The Crisis of the Catholic Church under Pope Francis

National Review | 10/21/2018 | NR Symposium About NR Symposium
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In this time of turmoil, the editors of National Review asked five Catholic writers to weigh in.

In the most recent issue of National Review (“The Case against Pope Francis,” October 29, 2018), NR senior writer Michael Brendan Dougherty wrote, “The Francis pontificate was to be an era of mercy for sinners at the peripheries and accountability for malefactors at the Vatican. Instead, almost the opposite has taken place.” According to Dougherty, the Roman Catholic Church’s “twin scandals” — the calamitous handling and coverup of clerical sexual abuse, and the the pope’s efforts to foment a “Theological Revolution” on sex, marriage, and the sacraments — have exposed deep divisions within the Church. In this time of turmoil, the editors of National Review asked five eminent thinkers to weigh in.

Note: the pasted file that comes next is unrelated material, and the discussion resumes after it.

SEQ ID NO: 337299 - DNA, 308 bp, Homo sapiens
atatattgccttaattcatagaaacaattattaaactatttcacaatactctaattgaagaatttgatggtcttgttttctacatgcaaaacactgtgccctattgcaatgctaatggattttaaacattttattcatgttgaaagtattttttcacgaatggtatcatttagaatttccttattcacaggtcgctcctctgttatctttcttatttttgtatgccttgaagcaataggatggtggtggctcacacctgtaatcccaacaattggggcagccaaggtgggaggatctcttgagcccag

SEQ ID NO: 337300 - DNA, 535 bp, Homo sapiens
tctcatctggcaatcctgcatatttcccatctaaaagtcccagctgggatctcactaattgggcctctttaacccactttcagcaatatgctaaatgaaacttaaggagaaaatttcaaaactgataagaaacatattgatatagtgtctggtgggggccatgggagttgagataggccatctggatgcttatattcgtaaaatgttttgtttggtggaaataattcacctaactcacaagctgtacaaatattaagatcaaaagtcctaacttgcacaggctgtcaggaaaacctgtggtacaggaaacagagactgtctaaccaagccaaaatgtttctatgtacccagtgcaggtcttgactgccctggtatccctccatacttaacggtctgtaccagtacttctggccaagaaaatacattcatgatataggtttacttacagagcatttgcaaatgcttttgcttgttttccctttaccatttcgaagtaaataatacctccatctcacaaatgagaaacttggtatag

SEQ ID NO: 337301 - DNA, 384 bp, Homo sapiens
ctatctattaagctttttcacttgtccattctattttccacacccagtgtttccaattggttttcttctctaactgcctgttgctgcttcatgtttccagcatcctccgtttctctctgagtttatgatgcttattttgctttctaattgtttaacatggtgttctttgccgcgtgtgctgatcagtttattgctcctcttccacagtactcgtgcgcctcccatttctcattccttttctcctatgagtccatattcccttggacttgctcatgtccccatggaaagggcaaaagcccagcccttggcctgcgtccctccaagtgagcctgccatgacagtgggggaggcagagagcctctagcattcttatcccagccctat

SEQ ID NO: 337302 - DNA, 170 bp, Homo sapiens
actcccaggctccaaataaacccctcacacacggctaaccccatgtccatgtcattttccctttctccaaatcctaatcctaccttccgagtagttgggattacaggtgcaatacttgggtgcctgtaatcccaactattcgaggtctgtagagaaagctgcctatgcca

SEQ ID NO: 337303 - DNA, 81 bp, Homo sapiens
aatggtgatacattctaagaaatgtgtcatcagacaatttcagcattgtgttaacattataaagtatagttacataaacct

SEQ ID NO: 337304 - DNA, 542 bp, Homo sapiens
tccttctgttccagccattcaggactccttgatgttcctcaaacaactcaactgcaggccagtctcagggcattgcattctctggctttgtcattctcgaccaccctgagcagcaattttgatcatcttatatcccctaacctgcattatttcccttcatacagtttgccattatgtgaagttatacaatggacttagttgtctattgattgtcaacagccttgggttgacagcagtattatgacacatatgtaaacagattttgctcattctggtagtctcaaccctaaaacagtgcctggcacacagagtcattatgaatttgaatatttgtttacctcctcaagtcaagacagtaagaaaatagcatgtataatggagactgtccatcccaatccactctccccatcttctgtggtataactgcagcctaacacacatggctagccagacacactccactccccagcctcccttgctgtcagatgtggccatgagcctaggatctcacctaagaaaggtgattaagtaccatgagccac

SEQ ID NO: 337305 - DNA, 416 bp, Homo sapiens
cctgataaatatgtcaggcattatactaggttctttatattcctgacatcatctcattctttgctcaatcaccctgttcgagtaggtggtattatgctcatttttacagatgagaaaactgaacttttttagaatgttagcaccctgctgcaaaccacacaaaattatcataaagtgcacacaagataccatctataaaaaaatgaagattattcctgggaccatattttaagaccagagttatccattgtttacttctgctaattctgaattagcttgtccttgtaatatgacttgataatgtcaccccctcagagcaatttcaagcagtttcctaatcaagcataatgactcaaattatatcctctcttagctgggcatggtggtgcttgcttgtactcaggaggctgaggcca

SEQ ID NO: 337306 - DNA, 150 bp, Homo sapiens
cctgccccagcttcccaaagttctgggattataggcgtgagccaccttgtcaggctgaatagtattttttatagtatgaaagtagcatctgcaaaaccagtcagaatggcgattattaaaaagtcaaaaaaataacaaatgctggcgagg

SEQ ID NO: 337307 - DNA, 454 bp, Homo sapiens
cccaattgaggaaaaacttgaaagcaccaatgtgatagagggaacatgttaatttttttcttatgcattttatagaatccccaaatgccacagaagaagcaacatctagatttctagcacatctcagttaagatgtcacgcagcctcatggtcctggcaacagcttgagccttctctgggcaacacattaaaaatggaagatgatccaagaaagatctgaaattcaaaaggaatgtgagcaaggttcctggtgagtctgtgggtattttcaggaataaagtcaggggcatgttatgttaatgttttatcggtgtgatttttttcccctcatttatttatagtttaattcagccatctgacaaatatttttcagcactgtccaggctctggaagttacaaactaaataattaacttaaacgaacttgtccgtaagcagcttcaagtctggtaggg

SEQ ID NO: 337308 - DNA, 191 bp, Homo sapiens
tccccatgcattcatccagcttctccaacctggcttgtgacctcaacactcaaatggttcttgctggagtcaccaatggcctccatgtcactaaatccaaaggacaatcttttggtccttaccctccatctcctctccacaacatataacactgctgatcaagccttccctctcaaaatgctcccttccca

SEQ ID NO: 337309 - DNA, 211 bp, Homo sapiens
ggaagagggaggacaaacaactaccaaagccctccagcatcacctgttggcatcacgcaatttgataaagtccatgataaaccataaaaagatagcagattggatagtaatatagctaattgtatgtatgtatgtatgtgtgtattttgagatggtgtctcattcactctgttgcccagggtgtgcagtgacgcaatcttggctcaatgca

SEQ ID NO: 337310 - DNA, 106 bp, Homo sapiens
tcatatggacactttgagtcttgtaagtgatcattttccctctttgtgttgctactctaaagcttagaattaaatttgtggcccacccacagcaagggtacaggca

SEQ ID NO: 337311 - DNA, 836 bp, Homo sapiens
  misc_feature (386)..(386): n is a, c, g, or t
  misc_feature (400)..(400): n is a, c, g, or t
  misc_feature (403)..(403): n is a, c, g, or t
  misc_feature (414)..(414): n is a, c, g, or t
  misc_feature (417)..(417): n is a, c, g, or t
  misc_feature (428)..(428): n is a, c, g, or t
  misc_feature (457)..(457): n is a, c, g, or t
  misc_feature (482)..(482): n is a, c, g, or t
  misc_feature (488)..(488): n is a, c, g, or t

Conservatives - Pope - Makeweight - Threat - Disorder

Conservatives have usually viewed the pope as a moral makeweight against the constant threat of social and political disorder. The papacies of John Paul II and Benedict XVI sought to reassure the world that the Church was indeed a bulwark against “the dictatorship of relativism.” Even as Michael Brendan Dougherty provocatively makes “The Case against Pope Francis,” his working assumption is simply that this is not how things are supposed to go: Popes are not supposed to resign, nor are bishops supposed to “make a mess.” Dougherty’s claim that the Holy Father promotes men who are “morally compromised and doctrinally suspect” is a lament that the Church is suffering because of a fundamental weakness in its hierarchy that runs from top to bottom. After the “summer of shame” the case for its being morally compromised hardly needs to be made. About those men trained as priests in the ’60s, ’70s, and ’80s (those darkest of decades), it’s tempting to say the whole generation is compromised. But what if that’s true yet also misleads...
(Excerpt) Read more at: National Review
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